R. K. Narayan portrays a South-Indian conservative society in the village, Mangal, in the novel The Guide. Though the contact of Western culture brought many changes in the village, castes and traditional occupations continue to exist. Marriages are still arranged. Astrology is accepted there. Washing the feet before visiting a temple or a saint as a ritual of purification, pulling the temple chariot along the streets on festive days, smearing holy ash on the forehead, reciting all kinds of sacred verse, consulting an astrologer for auspicious or sacred time, lighting the lamp in the god’s niche, reading the Bhagavadgita are some of the minor rituals appearing in the novel in connection with the village of Mangal. Touching the feet of the saint, making offerings in kind or prostrating before god, are other ritualistic forms.
Raju’s fasting to appease the rain gods and bringing rain to save the people is the most significant ritual in the novel. The people of the village have a clear idea of the fasting ritual and it is reflected through Velan’s words. Velan gives a very clear account of what the saviour is expected to do—stand in knee-deep water, look to the skies, and utter the prayer line for two weeks completely fasting during the period—and lo, the rains would come down, provided the man who performs it is a pure and great soul. Referring to the fasting ritual by Raju to appease rain-god, Narayan writes: “He felt suddenly so enthusiastic that it gave him a new strength to go through with the ordeal.” Ritual is depicted as an ordeal because this is forced on the reluctant Raju who has no faith in it. However, the drought and the plight of the villagers have a persuasive effect on him and so he genuinely prays to heaven to send down rain to save the villagers. Narayan does not glorify the superstitious rituals. Similarly he does not deny the existence of a strong strain of faith among the villagers in the native rituals.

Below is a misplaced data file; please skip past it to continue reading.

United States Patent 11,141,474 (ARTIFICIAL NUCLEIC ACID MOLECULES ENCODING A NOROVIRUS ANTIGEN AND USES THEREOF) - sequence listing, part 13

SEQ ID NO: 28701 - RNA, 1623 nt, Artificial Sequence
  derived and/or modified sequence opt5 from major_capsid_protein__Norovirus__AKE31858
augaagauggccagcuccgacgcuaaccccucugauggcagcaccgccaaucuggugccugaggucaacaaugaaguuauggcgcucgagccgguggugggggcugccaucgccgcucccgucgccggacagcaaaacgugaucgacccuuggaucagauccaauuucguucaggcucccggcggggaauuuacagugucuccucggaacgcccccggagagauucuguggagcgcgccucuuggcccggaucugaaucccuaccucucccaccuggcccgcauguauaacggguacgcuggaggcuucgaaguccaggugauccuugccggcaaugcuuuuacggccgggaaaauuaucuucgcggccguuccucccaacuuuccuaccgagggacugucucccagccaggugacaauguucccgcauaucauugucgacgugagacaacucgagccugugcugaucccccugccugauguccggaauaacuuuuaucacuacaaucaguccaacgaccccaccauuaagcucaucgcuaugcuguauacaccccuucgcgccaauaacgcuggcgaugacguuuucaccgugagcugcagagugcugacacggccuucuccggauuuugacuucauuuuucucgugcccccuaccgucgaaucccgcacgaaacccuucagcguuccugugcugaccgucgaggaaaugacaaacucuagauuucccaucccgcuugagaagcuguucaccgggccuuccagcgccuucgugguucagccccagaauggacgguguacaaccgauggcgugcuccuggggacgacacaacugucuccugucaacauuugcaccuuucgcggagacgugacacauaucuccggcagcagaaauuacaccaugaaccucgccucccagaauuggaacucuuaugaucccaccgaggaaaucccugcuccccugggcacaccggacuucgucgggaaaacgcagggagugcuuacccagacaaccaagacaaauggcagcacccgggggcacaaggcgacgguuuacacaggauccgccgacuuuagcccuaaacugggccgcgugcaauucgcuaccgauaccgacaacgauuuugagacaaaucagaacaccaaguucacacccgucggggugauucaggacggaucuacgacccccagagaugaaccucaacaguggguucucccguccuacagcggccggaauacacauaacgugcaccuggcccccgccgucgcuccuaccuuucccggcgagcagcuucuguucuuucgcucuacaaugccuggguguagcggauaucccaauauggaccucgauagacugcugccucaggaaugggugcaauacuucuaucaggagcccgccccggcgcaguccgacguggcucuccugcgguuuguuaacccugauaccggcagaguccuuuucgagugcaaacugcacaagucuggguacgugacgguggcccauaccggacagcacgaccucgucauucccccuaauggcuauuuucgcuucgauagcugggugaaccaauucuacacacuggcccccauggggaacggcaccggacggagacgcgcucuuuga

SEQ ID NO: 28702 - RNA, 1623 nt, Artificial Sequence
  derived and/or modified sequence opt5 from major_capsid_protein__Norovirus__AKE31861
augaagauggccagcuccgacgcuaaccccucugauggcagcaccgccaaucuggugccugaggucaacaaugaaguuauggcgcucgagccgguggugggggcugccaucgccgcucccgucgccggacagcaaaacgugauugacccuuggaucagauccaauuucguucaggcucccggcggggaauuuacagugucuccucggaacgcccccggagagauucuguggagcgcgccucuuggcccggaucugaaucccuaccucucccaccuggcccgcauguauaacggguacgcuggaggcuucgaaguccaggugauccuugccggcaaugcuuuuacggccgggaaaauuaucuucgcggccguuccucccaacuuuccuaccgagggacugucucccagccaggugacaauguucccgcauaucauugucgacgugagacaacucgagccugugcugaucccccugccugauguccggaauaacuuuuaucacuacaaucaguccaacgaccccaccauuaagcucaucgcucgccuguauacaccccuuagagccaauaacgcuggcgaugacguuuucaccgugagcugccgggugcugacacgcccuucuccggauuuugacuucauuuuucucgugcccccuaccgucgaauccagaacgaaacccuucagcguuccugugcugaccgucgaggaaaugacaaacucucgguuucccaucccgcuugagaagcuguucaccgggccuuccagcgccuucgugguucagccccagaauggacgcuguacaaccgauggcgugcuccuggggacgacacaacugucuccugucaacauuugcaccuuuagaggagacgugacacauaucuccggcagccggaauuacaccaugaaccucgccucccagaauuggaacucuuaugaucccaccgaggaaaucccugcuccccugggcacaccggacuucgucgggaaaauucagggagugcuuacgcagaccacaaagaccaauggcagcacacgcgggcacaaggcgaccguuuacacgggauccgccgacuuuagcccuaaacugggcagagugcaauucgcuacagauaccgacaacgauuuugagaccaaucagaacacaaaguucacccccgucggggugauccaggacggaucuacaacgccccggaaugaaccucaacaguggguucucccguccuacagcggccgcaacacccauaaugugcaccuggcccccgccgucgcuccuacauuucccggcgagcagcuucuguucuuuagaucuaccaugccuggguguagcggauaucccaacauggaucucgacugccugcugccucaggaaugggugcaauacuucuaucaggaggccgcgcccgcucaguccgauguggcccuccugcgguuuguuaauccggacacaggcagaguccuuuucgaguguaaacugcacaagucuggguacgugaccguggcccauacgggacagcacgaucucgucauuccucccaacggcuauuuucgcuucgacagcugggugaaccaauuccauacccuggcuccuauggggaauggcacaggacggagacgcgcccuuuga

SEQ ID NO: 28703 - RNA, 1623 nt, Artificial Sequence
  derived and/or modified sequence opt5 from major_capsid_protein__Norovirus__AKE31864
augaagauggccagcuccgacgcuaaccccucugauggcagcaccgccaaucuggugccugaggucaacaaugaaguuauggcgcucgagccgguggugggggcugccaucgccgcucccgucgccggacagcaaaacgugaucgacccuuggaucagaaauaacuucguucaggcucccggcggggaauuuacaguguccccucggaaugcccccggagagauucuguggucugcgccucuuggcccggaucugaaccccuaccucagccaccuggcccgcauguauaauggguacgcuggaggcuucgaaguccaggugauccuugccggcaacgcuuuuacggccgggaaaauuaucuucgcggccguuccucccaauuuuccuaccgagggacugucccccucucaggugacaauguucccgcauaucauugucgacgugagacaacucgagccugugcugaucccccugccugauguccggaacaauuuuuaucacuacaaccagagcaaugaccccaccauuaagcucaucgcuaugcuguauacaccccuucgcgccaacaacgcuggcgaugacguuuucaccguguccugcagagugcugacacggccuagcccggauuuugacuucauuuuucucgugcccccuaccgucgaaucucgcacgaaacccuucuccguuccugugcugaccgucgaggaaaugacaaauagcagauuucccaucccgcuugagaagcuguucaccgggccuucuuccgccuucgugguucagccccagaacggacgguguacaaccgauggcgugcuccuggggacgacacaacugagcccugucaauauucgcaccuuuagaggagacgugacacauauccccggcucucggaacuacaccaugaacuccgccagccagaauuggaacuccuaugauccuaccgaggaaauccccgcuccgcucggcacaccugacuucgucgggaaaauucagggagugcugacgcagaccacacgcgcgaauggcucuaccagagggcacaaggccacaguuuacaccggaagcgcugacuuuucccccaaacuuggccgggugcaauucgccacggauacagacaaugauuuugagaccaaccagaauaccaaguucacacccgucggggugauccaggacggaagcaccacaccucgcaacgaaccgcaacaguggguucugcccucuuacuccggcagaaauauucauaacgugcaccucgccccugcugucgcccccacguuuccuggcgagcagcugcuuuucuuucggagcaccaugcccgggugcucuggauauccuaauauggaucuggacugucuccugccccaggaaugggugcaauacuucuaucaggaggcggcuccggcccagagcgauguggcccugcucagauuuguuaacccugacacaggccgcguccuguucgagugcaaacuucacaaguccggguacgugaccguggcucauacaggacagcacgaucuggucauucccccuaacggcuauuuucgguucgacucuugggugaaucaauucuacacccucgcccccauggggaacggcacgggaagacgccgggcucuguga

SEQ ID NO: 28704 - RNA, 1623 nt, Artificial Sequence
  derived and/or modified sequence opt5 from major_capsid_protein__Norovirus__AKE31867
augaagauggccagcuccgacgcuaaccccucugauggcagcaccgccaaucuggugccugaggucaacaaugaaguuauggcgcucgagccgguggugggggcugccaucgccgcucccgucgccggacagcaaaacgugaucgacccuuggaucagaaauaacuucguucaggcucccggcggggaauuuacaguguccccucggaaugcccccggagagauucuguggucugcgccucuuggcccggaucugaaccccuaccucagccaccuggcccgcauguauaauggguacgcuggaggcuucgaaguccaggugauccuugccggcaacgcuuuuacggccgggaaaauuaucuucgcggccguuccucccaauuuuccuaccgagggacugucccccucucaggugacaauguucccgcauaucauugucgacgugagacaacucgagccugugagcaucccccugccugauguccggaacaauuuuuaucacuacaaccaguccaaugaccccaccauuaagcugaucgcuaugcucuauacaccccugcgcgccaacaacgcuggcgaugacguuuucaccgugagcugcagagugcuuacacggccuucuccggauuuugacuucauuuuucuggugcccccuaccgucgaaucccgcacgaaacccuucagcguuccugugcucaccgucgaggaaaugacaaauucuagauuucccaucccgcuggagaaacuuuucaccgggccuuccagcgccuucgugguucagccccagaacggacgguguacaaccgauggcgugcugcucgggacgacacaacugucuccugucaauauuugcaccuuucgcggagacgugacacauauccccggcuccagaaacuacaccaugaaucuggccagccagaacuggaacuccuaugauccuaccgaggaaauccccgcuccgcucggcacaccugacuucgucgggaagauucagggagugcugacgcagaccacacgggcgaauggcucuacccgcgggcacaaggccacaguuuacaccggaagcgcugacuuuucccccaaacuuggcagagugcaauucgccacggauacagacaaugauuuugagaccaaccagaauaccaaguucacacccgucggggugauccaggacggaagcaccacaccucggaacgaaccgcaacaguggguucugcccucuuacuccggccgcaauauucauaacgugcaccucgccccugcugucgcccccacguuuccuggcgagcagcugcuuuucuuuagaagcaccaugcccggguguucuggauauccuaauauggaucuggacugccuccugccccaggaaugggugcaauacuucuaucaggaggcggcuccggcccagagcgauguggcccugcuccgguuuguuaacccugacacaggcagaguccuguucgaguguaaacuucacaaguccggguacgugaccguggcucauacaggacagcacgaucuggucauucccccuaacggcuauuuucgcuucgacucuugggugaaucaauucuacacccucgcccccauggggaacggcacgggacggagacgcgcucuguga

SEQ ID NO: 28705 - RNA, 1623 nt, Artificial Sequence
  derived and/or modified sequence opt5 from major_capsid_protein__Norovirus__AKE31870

It is the belief of village people of Mangal that it would rain and thus put an end to the drought if a true sanyasi does genuine fasting for twelve days. That is a belief prevalent among the Hindus as such in India. Whether the people have direct experience of the miracle or not, it does not lessen their faith in it. Narayan only wants to portray that such beliefs and rites prevail among his people. He does not want to glorify or condemn such beliefs. There is no clear hint at the end of the novel whether it rains.
The village, Mangal, signifies native strength, continuity of tradition, the ecology of a whole race with its inescapable influence on the individual consciousness and elemental determinism of individual destiny. Narayan does not endorse tradition in a loud or sententious manner. He does not reject or condemn it but rather creates a space for that.